Saturday, June 02, 2007

What criteria is used to rate the "star value" of hotels?

Hotel star ratings have been around for decades. "Five stars" means doves serenade you in the shower. "One star" translates into vibrating beds and a $5 deposit on all ice buckets. In short, the more stars, the better. But beware the rub. Many different rating systems exist in the U.S. Choose the wrong one and you could be in for a sleepless night.Nearly all major travel sites have their own ways of ranking hotels. For example, there's no definitive answer on whether the Super 8 in Sioux City merits one star or two. Expedia says two. Orbitz says two. However, the rebels at Priceline say one. It all depends.You may be best off using AAA's system. Their official magazine explains "some online services are notorious for handing out stars liberally," while rankings from AAA and Mobil have (according to AAA, anyway) more stringent requirements.No matter where you go, or what system (if any) you use, keep in mind that one man's palace is another man's pit. That should help you minimize the unpleasant surprises. Happy travels!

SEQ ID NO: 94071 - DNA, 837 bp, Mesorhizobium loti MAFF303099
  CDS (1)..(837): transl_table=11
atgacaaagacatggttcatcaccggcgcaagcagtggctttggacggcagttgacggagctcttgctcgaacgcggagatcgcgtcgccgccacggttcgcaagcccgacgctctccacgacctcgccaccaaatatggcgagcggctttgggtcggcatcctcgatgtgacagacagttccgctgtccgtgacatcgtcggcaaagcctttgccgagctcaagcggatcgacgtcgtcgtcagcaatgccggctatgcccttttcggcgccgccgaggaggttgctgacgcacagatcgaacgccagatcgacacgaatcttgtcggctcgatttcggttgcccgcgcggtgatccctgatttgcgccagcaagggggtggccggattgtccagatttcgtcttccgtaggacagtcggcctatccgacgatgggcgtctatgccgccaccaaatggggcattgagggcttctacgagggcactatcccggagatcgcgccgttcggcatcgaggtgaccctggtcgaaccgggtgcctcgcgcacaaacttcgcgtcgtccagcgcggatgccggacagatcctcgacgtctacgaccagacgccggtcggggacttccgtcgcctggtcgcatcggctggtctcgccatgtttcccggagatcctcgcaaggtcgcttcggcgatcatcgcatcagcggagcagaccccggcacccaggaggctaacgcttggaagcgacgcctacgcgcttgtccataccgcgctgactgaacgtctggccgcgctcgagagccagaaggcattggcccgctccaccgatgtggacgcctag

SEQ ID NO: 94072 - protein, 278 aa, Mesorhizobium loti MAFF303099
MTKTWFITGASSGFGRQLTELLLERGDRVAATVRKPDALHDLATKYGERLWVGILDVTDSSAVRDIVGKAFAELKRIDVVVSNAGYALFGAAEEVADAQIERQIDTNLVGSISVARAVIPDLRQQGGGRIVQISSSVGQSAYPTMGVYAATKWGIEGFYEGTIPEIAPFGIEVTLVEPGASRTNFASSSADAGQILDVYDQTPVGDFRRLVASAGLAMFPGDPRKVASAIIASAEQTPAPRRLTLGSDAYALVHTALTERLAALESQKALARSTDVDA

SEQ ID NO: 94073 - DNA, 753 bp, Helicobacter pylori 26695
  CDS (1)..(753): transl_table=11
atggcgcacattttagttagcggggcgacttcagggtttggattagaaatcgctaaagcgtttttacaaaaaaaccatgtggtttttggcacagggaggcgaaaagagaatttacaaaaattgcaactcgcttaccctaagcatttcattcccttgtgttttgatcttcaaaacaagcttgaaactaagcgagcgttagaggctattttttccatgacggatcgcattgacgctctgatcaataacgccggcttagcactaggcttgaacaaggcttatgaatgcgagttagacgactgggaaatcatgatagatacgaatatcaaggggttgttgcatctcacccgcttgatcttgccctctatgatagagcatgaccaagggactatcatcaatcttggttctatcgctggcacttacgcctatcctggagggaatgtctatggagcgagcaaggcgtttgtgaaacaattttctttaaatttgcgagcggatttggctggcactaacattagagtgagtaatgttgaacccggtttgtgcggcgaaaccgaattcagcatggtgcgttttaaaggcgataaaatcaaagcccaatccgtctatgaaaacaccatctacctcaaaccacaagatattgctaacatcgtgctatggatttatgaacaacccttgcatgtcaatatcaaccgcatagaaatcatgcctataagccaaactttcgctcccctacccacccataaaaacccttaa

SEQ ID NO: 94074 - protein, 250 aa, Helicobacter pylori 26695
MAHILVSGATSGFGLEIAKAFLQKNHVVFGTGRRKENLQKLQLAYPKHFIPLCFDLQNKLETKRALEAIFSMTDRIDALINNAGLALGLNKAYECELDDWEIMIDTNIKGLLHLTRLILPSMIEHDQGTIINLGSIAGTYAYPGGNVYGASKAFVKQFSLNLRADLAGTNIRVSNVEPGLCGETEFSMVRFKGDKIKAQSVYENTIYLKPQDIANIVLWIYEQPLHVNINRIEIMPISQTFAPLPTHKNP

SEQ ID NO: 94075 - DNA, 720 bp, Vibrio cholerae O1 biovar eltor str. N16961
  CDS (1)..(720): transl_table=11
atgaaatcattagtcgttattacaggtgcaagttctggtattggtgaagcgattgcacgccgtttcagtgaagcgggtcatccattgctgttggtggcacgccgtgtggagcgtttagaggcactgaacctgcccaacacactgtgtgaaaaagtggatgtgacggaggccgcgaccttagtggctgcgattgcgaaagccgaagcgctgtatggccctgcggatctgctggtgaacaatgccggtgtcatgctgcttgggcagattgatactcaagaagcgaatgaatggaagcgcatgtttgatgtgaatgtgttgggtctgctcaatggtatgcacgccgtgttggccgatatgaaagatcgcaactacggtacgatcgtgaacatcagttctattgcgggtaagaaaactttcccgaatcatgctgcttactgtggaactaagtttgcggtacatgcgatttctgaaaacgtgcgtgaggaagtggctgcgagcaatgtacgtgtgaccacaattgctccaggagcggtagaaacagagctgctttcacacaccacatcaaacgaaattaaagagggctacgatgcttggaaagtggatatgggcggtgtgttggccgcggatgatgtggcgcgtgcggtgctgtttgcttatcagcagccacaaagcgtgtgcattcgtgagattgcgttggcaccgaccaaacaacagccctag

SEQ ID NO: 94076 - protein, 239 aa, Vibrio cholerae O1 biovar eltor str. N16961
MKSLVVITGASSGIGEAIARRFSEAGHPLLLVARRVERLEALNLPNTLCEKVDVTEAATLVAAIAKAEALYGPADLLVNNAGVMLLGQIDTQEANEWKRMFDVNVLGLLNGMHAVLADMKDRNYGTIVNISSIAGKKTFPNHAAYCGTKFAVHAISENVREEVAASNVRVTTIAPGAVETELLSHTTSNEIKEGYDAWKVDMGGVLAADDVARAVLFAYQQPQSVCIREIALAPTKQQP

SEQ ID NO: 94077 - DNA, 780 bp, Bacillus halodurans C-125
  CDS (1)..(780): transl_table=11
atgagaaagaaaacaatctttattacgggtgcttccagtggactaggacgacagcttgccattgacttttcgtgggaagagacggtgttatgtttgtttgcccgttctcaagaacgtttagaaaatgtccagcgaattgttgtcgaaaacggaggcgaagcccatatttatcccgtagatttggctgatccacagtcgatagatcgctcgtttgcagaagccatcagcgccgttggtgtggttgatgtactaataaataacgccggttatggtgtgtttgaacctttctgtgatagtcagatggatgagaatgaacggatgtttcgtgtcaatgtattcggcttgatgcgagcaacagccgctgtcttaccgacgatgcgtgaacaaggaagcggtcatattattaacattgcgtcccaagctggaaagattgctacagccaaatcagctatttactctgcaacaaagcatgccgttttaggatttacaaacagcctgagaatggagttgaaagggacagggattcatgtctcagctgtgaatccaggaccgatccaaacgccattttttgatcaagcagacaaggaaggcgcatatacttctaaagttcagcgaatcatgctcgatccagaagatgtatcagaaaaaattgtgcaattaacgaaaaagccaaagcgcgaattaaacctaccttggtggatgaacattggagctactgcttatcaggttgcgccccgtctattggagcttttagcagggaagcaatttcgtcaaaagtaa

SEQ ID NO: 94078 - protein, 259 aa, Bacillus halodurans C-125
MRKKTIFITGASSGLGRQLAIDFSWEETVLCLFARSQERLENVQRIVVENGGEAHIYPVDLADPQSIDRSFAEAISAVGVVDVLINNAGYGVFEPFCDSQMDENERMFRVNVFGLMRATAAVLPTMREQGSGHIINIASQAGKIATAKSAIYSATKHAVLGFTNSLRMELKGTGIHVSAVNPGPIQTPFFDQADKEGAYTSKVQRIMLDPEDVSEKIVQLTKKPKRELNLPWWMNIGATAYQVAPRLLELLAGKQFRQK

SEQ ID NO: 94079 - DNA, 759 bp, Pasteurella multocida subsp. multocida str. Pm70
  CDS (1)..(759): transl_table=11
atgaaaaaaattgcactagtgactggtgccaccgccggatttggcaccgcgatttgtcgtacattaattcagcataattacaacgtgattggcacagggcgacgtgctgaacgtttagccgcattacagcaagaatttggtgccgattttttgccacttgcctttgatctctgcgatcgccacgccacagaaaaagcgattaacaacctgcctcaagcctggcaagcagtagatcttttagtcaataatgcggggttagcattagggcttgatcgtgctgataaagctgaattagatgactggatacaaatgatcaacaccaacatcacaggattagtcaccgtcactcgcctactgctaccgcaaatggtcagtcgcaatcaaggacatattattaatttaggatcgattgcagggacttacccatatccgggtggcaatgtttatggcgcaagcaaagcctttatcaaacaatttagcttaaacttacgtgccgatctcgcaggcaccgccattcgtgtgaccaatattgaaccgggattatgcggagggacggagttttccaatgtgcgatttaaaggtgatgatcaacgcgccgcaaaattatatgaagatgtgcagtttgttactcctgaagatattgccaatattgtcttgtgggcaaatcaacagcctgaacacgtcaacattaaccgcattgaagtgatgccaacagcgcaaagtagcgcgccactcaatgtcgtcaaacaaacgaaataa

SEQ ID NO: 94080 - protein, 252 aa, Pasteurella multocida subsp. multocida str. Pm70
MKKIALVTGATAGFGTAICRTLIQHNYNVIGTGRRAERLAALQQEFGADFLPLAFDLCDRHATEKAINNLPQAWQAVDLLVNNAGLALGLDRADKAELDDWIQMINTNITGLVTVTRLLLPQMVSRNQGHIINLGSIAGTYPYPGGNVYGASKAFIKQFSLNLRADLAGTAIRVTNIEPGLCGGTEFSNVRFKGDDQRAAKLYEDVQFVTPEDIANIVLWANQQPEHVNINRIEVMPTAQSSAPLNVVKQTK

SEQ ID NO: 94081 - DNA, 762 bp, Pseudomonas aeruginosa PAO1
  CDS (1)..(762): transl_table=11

How did the chef's hat originate? Does it serve a purpose?The chef's hat, or "toque blanche" (French for "white hat"), has been around for more than 400 years. Back in the 16th century, artisans (including chefs) were among the "free thinkers" who were often persecuted, imprisoned, or executed because of their views. To escape this treatment, some chefs hid in monasteries and wore the same type of clothing as the priests, including tall hats. However, chefs wore gray, while priests wore black. But there are other theories regarding the hat's history. One source states the hat may have evolved from the stocking cap ("casque a meche") worn by French chefs throughout the years. The color of the casque a meche indicated the chef's rank.Sometime in the mid-1800s, chef Marie-Antoine Careme decided white was a more appropriate color for toques as it indicated cleanliness in the kitchen. Careme also believed the hats should be of different heights to indicate rank. Cooks wore shorter hats than chefs. Reportedly Careme's hat was 18 inches tall.Interestingly, the number of pleats in a chef's hat is also a status symbol. Many toques have exactly 100 pleats, supposedly the number of ways a chef can prepare an egg.